Playing the Blame Game

Then the man said, “The woman whom You gave to be with me, she gave me of the tree, and I ate.” Genesis 3:12 NKJV

Genesis. The beginning. I’ve read this chapter many, many times. Yet this morning as part of my daily reading, this verse popped out at me.

If you aren’t familiar, it’s right after the original sin. The serpent talks to Eve about eating from the tree of good and evil as a way to gain wisdom not as a path to death and destruction. Eve buys in, eats the fruit, and gives fruit from the tree to Adam, who also eats the fruit. Instantly, their eyes are opened, and they realize their nakedness so they make fig leave clothes and hide from God.

And that’s how He finds them. 


Naked and afraid in the most beautiful place ever created on earth. Now we see where inspiration for that tv show came from: The Bible.

In my past studies of Genesis 3, I’ve focused on Eve’s part of the story. She bears the brunt of the first sin, and Christian women take a lot of flack from Christian men over this point. All in Christian love, of course.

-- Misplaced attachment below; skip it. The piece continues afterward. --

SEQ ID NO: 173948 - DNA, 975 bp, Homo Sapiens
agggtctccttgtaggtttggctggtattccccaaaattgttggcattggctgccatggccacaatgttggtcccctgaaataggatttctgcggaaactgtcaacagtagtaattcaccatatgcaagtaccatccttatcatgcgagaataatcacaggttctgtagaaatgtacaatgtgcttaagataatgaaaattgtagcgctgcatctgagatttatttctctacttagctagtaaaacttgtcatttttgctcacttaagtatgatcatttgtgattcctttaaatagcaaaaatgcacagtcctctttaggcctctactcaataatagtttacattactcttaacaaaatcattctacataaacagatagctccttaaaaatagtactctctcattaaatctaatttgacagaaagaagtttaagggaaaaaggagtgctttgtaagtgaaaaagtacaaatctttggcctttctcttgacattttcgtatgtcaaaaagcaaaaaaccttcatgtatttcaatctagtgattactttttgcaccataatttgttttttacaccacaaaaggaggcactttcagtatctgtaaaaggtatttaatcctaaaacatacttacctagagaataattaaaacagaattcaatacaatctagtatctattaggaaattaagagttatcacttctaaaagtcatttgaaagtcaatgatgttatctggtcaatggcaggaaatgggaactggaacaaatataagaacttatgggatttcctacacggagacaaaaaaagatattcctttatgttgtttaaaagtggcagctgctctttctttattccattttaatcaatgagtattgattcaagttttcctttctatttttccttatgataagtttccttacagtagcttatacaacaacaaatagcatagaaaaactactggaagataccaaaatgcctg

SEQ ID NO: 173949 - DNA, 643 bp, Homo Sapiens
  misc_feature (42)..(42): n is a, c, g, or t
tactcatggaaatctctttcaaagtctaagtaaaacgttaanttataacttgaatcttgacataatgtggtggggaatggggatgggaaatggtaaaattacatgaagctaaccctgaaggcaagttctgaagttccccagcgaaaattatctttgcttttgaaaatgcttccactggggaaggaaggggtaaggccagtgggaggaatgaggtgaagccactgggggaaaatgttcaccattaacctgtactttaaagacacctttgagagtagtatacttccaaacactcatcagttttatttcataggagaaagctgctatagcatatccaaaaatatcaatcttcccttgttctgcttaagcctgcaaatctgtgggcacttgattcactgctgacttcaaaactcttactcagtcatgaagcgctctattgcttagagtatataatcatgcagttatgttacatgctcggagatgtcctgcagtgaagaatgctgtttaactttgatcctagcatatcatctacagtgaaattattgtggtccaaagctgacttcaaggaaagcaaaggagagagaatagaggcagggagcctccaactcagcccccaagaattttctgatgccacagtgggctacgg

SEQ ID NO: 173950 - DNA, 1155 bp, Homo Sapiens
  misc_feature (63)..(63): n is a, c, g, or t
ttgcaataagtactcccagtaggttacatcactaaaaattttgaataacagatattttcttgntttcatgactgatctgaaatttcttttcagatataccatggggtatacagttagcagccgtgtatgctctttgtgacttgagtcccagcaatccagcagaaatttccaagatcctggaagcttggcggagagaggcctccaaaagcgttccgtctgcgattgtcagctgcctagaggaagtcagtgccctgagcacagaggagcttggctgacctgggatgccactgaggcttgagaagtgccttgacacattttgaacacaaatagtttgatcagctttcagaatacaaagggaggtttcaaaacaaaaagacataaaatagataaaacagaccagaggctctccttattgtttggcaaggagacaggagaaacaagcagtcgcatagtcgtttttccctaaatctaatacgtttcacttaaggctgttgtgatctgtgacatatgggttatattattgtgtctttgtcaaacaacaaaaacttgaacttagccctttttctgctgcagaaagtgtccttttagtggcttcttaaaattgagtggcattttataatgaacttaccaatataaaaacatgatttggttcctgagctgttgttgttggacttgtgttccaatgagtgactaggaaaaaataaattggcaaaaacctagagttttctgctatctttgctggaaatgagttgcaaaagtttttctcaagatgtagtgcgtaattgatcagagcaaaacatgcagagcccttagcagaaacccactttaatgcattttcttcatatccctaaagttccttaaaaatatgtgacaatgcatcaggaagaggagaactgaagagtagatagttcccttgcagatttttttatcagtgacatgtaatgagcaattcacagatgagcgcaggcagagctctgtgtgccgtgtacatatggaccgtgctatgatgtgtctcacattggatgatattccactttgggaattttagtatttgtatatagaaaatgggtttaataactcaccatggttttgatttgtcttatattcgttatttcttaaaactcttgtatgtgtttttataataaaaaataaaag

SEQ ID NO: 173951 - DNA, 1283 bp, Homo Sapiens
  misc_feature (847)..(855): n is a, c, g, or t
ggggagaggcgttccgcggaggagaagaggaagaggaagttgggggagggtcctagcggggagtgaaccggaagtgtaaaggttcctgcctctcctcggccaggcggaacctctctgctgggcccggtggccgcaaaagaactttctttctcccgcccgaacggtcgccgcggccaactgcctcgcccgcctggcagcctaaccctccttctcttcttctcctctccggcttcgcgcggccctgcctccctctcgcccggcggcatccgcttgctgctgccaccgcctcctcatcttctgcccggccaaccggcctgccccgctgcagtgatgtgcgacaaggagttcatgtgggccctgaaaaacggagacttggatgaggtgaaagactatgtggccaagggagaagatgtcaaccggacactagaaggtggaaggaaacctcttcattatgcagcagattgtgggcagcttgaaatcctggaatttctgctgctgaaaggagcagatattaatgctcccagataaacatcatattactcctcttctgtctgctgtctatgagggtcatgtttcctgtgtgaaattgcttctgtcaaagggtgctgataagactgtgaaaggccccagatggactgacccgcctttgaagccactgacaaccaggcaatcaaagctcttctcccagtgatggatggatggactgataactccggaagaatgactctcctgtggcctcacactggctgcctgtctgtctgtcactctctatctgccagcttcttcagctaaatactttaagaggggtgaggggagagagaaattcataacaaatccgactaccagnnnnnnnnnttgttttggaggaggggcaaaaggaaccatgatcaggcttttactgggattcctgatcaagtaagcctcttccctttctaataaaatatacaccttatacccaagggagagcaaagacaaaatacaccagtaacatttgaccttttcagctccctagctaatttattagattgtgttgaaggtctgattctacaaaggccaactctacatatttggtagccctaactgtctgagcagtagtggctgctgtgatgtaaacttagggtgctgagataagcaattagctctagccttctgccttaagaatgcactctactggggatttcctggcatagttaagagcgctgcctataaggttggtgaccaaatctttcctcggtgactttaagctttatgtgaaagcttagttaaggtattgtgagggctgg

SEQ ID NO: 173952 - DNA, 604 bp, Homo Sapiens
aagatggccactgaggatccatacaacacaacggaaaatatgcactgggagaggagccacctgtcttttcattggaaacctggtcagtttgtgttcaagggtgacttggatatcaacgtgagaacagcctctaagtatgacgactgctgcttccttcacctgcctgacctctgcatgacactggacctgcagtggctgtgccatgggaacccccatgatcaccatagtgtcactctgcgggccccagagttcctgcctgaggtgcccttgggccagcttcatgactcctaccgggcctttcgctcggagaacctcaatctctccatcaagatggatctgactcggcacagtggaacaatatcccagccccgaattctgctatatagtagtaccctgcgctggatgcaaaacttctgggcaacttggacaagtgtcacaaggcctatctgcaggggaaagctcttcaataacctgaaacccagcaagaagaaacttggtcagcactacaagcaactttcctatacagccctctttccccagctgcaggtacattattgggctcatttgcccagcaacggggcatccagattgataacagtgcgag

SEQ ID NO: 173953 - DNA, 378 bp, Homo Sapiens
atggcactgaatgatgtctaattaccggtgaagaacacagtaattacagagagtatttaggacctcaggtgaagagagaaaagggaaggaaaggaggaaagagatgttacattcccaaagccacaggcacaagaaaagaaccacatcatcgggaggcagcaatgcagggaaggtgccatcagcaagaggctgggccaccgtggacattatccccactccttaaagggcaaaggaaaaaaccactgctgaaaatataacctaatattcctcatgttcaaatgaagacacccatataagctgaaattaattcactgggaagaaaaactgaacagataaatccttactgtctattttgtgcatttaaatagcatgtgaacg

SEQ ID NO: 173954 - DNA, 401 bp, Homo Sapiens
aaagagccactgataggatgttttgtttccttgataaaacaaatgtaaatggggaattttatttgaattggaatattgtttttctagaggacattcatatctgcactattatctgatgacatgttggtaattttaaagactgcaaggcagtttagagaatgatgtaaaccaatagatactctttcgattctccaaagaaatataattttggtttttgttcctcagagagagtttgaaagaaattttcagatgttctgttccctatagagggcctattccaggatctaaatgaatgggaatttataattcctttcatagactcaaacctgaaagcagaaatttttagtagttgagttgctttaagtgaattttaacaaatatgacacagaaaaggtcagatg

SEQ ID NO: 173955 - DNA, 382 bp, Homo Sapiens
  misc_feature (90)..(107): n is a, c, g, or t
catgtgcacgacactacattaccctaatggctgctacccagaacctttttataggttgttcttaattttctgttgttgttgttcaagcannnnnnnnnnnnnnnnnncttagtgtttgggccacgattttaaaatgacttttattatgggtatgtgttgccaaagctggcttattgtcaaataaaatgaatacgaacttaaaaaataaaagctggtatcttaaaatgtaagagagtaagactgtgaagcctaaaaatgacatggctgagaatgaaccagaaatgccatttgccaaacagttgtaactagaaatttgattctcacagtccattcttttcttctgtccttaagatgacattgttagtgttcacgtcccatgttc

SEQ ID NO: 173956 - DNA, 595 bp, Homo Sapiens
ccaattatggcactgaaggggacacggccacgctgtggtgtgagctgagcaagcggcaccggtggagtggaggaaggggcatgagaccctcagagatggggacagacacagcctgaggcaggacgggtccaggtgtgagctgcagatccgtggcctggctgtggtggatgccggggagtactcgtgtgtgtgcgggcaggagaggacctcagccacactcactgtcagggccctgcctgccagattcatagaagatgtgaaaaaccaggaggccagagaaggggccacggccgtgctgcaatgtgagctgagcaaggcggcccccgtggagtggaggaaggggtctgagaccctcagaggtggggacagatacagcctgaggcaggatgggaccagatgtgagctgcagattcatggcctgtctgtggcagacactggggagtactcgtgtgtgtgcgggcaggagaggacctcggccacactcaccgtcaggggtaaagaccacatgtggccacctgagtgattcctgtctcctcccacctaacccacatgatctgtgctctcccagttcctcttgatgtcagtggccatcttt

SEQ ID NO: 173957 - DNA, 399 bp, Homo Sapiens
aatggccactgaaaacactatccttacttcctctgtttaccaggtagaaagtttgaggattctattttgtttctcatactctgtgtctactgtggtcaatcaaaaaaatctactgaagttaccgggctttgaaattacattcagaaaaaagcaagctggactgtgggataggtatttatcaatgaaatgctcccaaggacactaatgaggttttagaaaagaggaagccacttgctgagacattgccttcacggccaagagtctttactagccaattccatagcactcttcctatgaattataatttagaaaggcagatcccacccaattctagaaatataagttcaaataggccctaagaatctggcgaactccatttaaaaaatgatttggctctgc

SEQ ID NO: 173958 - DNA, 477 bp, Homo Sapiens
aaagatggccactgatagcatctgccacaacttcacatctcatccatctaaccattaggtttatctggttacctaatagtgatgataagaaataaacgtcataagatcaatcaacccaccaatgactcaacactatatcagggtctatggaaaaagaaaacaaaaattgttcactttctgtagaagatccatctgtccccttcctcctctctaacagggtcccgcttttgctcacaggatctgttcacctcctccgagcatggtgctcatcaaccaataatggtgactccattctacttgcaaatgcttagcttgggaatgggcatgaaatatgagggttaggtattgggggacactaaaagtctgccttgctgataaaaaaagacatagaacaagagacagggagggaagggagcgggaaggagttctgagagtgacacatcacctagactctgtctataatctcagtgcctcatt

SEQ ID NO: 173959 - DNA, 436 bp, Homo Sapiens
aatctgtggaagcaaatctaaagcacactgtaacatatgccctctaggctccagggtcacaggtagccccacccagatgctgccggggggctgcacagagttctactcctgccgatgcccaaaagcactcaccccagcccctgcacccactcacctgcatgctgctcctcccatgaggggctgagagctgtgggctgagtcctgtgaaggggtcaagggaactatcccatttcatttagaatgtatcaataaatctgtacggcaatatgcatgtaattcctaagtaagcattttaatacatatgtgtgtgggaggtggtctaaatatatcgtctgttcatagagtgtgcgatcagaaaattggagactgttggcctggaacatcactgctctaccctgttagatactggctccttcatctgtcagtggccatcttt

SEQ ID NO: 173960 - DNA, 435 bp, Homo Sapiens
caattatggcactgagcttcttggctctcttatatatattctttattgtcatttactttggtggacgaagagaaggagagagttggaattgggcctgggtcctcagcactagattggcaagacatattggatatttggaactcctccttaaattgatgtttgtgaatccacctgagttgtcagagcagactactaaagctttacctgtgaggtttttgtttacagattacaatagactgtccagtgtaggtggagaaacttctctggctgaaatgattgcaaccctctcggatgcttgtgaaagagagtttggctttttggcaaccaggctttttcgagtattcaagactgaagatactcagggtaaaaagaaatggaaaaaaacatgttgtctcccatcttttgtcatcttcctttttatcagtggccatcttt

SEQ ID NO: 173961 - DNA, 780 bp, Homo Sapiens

Today as I read through the fall of mankind, Adam’s response to God really got my attention.

I read verse 12 in context. Stopped. Went back and read it again. And, went, “No way.”

When God, you know, the One who is omnipotent, asked Adam if he had eaten from the tree of good and evil, instead of saying, “Yes, I did.” or “Eve made me do it!” says, “Well, you know that woman YOU GAVE me to HELP me?”

Adam blamed God.


Let’s look at it from Adam’s now caught perspective:


1. God put me in the garden.
2. God planted the tree and told me not to eat from it.
3. God gave me a helper. Made her from my own body.
4. God made the serpent and placed it in the garden.
5. God knew all of this was going to happen. He did it.

Does this sound oversimplified?


How often do we rationalize things this same way? God put me in this situation. God put these other people in this situation. God allowed, or even put the sin/temptation in the situation. Of course God knew what we were going to do! He’s God.

I’m a mother and a teacher.